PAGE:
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Best of New York 2012 • Eating

Doing the Earl Proud

Stars of the sandwich scene.

Minetta Tavern's French dip.  
  • French Dip

  • Minetta Tavern

    113 Macdougal St., at Minetta Ln.; 212-475-3850

    Los Angeles may have invented it, but New York has perfected it. Lunch only.

  • Horseradish Sandwich

  • 606 R&D

    606 Vanderbilt Ave., nr. St. Marks Ave., Prospect Heights; 718-230-0125

    It’s not just a condiment anymore. Ilene Rosen gives the ancient root a star turn on Grandaisy Pullman with butter and red onion. Even optional Benton’s bacon gets second billing.

  • Goat Face Sandwich

  • Goat Town

    511 E. 5th St., nr. Ave. A; 212-687-3641

    House-smoked goat on Texas toast by way of the neighborhood Japanese bakery. It’s Julie E. Farias’s deliriously good tribute to the Lone Star State’s butcher-paper barbecue joints. Mondays only.

  • Saratoga Club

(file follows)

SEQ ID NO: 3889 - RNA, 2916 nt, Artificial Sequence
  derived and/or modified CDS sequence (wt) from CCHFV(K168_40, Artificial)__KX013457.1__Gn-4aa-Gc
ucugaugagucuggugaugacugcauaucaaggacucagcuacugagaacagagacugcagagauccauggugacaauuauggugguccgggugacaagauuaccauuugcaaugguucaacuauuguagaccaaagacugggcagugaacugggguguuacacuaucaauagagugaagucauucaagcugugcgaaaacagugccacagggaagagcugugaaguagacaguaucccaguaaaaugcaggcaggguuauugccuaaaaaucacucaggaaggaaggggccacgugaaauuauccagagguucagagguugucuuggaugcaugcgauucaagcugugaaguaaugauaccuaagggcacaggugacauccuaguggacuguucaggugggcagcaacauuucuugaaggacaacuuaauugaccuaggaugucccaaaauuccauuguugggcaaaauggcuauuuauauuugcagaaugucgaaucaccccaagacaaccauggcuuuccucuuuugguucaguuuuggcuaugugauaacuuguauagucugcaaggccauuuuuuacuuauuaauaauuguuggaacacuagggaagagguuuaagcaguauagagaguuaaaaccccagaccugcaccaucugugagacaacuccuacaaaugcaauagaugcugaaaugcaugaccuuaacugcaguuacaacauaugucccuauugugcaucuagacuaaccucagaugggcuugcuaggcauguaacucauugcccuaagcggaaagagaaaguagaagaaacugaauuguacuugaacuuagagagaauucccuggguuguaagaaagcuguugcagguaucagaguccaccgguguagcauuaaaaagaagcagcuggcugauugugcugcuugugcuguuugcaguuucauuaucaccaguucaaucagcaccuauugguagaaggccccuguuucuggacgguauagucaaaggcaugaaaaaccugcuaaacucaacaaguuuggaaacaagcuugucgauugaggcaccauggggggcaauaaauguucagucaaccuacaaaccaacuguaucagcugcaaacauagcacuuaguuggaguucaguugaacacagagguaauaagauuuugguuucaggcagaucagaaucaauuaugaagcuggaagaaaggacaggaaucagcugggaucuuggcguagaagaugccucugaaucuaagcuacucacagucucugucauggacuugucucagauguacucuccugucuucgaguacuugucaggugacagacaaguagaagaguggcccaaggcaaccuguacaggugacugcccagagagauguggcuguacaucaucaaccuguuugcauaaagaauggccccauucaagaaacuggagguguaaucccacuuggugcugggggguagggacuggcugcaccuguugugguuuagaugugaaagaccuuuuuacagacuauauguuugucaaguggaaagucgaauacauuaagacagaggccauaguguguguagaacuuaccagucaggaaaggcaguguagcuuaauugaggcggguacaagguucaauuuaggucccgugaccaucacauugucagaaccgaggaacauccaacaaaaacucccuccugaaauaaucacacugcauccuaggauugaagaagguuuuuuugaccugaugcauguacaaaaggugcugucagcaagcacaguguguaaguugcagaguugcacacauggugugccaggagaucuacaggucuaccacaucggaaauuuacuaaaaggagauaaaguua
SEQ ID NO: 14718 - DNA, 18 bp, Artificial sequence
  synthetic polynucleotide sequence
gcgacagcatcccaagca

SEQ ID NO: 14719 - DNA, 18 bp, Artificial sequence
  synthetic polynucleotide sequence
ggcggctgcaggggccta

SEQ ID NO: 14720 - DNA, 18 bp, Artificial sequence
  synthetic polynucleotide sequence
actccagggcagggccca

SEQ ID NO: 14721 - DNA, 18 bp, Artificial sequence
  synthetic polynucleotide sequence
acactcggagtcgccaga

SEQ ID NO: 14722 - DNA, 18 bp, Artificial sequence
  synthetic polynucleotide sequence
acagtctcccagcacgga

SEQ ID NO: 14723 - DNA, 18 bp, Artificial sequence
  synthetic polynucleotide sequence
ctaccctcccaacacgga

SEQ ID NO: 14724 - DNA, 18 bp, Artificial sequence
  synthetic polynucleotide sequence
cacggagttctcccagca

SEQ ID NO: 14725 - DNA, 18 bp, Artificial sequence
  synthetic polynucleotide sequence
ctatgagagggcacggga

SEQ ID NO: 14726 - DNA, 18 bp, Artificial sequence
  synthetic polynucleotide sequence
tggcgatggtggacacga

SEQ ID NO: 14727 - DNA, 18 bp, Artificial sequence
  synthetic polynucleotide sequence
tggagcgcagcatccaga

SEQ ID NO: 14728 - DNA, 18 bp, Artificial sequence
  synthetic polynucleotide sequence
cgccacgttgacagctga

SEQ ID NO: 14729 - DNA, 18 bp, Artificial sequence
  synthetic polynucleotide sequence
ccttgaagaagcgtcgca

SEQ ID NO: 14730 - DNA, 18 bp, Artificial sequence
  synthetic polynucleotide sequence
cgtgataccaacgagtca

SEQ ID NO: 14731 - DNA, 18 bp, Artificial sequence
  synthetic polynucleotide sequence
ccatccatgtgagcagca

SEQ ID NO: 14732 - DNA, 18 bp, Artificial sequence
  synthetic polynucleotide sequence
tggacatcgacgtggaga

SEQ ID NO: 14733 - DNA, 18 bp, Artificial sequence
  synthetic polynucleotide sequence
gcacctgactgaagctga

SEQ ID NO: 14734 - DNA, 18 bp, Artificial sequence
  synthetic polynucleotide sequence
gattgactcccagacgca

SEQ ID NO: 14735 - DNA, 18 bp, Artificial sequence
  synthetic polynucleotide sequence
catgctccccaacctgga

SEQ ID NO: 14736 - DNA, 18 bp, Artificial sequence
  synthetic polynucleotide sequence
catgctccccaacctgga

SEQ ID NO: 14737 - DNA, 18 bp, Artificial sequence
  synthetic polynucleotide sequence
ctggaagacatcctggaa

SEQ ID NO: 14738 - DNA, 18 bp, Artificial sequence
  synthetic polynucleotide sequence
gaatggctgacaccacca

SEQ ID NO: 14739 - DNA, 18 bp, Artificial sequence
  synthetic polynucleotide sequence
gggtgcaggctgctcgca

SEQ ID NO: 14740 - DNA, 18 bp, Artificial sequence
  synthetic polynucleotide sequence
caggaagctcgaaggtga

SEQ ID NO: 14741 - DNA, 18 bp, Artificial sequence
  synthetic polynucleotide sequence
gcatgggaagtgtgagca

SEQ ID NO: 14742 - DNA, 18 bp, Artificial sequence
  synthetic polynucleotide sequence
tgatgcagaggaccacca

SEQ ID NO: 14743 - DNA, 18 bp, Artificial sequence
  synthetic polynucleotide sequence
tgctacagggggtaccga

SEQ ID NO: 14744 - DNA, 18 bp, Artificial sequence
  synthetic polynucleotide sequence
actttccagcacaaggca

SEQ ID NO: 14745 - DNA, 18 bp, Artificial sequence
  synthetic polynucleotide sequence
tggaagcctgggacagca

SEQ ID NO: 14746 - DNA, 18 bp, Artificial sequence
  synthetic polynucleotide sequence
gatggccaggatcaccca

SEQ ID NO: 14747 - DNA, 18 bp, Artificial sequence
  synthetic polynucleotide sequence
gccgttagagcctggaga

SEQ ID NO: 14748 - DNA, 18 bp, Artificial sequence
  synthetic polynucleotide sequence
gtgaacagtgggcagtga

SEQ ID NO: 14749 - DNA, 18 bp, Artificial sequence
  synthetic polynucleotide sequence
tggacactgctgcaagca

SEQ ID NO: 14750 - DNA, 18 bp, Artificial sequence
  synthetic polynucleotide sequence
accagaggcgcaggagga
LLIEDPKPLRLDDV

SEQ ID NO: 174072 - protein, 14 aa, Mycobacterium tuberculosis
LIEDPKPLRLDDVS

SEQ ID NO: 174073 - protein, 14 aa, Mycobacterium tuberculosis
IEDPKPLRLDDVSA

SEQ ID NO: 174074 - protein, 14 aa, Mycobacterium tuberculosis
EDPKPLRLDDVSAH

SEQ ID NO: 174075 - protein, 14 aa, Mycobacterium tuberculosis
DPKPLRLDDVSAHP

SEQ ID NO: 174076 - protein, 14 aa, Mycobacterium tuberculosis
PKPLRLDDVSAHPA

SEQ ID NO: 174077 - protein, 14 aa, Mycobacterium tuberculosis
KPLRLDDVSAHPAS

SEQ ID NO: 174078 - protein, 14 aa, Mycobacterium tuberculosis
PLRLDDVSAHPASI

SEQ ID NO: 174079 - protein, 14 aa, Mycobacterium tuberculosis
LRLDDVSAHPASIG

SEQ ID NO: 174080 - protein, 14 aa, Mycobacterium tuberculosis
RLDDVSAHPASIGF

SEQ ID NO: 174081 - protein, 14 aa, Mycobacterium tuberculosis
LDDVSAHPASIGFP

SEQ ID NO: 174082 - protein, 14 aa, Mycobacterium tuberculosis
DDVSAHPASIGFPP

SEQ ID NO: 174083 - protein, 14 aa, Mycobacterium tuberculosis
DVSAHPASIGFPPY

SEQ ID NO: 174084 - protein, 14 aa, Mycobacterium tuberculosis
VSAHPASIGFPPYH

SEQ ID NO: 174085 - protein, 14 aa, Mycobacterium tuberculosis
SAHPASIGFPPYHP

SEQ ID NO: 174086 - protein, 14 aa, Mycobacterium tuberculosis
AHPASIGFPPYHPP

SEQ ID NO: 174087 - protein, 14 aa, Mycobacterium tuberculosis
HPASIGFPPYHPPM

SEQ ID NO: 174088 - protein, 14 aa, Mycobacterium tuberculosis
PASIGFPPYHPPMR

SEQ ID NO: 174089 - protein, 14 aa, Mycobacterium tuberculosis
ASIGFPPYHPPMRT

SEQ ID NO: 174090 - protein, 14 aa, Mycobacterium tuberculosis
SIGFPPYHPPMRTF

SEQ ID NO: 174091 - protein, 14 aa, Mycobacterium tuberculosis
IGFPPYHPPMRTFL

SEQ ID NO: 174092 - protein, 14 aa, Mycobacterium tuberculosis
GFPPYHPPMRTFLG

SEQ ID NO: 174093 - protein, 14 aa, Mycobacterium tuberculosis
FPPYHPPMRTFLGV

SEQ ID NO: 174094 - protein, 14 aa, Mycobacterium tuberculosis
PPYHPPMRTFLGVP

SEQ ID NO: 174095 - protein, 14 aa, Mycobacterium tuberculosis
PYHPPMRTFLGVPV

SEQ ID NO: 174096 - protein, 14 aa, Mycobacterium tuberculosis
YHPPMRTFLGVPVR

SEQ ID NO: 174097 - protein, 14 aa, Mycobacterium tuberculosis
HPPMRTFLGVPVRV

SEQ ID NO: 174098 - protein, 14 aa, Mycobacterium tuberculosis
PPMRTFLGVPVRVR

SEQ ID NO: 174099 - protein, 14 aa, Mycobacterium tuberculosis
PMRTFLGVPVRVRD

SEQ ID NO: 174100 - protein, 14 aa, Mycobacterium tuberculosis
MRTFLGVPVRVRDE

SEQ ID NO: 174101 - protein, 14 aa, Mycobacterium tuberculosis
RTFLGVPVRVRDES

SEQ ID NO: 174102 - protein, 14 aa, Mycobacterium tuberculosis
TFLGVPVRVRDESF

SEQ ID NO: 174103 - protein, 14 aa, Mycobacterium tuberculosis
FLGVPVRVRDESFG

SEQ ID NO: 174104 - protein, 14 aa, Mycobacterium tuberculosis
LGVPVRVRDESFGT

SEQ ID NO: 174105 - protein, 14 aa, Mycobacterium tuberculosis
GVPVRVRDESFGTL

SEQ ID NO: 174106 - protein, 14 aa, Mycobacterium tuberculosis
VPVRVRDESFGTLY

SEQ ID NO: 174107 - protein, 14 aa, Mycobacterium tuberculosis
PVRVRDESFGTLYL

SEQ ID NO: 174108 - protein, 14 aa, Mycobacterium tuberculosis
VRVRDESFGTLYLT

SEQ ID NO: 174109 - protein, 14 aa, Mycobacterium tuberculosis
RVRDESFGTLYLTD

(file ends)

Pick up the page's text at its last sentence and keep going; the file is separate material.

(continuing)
• Parm

    248 Mulberry St., nr. Prince St.; 212-993-7189

    The triple decker gets the Torrisi Boys treatment. The key is what they call “zesty mayo”—good housemade stuff mingled with the kind of herbs and spices you might associate with a bottle of Wish Bone Italian.

  • Croque Monsieur

  • La Promenade des Anglais

    461 W. 23rd St., nr. Tenth Ave.; 212-255-7400

    Alain Allegretti’s clever, New Age take combines all the elements of the old classic (béchamel, melted Gruyère, ham) twirled together like a modern-day wrap.

  • Fried-Chicken Sandwich

  • Smith Canteen

    343 Smith St., at Carroll St., Carroll Gardens; no phone

    Crispy thigh meat, a buttermilk dressing, and iceberg lettuce on a Martin’s potato bun—it’s better than Chick-fil-A, and that’s a compliment.

From the 2012 Best of New York issue of New York Magazine

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Other Best Of Guides

So what exactly does “best” mean in a city with thousands of pizza joints, hundreds of celebrity masseuses, and museum-worthy concept shops on every corner? Well, in the case of this, our annual “Best of New York” roundup, there’s a heavy emphasis on what’s new or what has somehow remained virtually unheard of (until now, of course).